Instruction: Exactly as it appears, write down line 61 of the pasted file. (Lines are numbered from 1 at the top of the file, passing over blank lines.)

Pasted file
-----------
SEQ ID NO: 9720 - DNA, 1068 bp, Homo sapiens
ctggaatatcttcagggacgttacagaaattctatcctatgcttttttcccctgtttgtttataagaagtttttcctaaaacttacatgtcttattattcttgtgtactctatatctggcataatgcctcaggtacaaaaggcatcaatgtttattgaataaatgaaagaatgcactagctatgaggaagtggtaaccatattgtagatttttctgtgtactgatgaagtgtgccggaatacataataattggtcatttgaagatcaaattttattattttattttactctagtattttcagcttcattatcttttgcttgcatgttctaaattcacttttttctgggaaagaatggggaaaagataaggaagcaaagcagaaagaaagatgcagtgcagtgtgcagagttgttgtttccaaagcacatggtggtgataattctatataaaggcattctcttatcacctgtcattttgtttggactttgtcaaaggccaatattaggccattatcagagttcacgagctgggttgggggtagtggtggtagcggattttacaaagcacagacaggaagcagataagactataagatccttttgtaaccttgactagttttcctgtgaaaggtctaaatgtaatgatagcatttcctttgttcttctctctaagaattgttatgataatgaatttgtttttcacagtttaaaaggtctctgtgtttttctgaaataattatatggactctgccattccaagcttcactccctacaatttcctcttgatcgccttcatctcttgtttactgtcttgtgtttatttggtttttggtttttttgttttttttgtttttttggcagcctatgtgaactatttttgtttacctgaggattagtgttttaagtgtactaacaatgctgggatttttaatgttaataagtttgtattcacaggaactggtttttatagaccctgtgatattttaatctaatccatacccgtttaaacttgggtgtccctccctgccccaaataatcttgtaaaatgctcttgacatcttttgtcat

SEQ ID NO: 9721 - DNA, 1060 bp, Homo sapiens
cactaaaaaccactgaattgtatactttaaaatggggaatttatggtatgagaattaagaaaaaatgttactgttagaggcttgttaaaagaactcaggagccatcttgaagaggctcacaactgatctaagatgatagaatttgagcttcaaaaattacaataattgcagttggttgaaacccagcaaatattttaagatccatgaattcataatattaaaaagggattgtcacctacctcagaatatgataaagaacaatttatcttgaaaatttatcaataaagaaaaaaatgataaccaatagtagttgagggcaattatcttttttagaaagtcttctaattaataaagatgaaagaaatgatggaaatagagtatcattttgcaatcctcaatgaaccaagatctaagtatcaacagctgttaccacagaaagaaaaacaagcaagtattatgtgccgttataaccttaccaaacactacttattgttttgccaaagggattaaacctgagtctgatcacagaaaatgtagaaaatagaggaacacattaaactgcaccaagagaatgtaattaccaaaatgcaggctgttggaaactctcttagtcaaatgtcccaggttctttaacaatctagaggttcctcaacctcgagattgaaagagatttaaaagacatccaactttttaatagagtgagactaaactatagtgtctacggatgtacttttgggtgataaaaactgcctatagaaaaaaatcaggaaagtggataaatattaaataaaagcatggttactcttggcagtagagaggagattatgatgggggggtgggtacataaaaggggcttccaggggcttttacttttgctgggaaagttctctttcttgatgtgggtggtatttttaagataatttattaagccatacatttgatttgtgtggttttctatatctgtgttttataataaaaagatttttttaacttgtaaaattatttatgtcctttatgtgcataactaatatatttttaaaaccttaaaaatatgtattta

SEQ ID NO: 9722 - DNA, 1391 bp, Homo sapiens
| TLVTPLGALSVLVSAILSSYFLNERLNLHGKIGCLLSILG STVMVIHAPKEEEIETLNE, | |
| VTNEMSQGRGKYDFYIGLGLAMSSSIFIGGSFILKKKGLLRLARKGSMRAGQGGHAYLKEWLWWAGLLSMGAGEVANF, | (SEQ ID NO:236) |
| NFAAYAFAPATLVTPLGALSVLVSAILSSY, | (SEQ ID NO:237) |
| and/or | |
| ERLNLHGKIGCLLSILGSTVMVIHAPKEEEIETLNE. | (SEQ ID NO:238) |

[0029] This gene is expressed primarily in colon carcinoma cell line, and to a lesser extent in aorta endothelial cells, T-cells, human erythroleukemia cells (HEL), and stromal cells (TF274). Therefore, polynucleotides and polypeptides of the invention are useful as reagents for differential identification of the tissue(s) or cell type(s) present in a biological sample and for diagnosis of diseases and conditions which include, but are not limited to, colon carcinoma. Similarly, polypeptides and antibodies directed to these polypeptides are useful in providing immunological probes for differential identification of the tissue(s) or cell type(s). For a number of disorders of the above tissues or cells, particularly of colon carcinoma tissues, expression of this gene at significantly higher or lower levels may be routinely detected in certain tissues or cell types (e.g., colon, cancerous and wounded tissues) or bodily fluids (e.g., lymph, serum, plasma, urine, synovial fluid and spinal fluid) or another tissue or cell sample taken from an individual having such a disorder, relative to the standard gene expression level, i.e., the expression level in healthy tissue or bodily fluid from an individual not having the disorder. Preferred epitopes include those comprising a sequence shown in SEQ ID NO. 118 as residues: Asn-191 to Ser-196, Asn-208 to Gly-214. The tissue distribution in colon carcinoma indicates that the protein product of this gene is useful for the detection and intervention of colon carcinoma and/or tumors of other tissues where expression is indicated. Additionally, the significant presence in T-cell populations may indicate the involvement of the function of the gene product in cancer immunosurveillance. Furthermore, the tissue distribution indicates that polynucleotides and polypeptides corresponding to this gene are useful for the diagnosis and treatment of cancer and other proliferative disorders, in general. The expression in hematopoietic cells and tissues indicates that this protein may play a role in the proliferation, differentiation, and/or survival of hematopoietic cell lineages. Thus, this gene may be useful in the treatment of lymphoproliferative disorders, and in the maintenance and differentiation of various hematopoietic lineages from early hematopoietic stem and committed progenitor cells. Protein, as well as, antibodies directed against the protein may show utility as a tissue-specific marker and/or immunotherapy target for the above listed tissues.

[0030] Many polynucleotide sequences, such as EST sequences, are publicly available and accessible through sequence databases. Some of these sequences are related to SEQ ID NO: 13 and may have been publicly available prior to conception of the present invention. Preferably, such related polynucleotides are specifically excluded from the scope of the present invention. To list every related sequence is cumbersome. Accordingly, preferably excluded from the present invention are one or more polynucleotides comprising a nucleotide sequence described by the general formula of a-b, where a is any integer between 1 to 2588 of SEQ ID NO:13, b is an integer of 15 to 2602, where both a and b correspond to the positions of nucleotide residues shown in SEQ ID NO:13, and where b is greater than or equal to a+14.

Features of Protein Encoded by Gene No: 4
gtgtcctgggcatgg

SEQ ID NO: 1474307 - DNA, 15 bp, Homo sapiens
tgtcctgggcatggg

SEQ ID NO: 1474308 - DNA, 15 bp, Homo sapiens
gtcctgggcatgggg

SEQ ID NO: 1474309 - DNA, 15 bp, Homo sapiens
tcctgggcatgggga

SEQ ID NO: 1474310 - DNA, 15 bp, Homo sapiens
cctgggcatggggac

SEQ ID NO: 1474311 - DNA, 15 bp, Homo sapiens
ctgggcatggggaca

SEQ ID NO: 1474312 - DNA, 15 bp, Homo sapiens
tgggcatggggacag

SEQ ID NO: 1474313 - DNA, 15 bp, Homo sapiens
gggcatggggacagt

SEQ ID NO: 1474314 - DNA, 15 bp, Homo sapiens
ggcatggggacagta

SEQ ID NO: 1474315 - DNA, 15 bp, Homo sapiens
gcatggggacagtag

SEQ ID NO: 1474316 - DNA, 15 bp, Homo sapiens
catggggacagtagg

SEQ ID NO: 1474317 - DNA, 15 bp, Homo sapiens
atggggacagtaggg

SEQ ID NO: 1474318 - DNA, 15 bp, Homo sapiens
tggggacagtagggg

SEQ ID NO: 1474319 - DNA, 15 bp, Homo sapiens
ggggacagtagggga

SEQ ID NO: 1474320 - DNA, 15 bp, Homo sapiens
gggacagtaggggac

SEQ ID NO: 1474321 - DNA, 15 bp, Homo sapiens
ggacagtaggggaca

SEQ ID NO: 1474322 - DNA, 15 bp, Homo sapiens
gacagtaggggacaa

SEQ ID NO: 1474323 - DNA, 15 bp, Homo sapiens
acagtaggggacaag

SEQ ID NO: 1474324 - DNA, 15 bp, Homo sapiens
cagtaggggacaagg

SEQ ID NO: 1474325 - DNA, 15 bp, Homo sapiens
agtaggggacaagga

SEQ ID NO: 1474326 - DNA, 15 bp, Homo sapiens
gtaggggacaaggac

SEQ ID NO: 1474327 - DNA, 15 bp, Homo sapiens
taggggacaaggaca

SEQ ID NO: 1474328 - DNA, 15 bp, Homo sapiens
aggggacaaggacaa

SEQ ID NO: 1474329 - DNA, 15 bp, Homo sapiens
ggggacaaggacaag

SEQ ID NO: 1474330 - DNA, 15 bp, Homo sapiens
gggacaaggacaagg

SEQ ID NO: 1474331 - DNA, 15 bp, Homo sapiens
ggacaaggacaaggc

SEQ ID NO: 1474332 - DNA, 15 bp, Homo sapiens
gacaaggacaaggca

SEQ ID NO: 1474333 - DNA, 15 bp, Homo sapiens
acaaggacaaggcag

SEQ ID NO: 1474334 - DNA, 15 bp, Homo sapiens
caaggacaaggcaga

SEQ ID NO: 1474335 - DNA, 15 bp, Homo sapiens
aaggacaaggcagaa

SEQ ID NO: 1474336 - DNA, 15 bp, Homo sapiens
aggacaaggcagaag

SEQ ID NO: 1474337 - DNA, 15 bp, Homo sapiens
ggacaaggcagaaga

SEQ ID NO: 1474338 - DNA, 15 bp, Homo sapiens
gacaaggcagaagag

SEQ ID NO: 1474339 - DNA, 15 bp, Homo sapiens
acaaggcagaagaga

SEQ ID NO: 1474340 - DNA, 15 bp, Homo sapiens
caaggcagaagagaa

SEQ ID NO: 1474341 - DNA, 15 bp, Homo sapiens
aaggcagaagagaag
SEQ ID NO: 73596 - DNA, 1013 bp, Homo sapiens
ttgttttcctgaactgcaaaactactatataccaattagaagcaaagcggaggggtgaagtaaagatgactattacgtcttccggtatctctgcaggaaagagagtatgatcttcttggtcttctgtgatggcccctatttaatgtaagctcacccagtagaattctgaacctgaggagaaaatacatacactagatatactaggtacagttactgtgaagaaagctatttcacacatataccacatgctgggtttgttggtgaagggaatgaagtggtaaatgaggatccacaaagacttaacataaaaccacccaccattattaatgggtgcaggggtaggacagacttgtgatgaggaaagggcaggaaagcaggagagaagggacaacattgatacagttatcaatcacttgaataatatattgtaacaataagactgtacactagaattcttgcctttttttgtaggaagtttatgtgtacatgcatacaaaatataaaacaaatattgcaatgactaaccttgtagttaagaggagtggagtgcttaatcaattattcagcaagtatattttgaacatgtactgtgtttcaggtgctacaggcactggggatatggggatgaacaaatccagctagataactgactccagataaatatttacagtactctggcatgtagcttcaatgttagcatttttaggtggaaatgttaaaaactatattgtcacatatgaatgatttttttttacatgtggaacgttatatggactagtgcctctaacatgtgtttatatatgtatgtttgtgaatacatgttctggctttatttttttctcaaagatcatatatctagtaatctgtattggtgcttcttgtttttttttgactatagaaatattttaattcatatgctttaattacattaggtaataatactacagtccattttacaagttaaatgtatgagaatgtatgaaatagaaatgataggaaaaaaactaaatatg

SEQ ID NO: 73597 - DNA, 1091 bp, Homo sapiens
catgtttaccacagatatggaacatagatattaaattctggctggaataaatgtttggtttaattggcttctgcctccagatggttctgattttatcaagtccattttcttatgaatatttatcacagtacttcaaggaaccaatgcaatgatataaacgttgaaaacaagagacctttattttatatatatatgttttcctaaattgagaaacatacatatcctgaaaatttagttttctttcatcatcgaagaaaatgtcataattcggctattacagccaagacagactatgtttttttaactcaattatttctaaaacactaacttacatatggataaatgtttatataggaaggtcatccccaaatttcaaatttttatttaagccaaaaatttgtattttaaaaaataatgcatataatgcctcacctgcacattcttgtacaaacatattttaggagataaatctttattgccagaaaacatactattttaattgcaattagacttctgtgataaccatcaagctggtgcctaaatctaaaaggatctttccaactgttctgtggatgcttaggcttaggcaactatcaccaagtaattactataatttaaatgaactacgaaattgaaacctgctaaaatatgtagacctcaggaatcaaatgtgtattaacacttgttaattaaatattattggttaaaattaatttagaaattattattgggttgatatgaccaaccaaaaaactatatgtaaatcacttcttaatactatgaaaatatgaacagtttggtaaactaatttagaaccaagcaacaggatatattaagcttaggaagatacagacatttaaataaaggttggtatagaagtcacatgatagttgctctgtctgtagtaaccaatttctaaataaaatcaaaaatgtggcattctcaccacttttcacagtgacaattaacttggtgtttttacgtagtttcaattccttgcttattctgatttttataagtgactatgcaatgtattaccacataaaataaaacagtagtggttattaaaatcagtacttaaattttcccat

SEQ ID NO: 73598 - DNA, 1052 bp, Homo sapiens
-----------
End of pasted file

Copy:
SEQ ID NO: 1474330 - DNA, 15 bp, Homo sapiens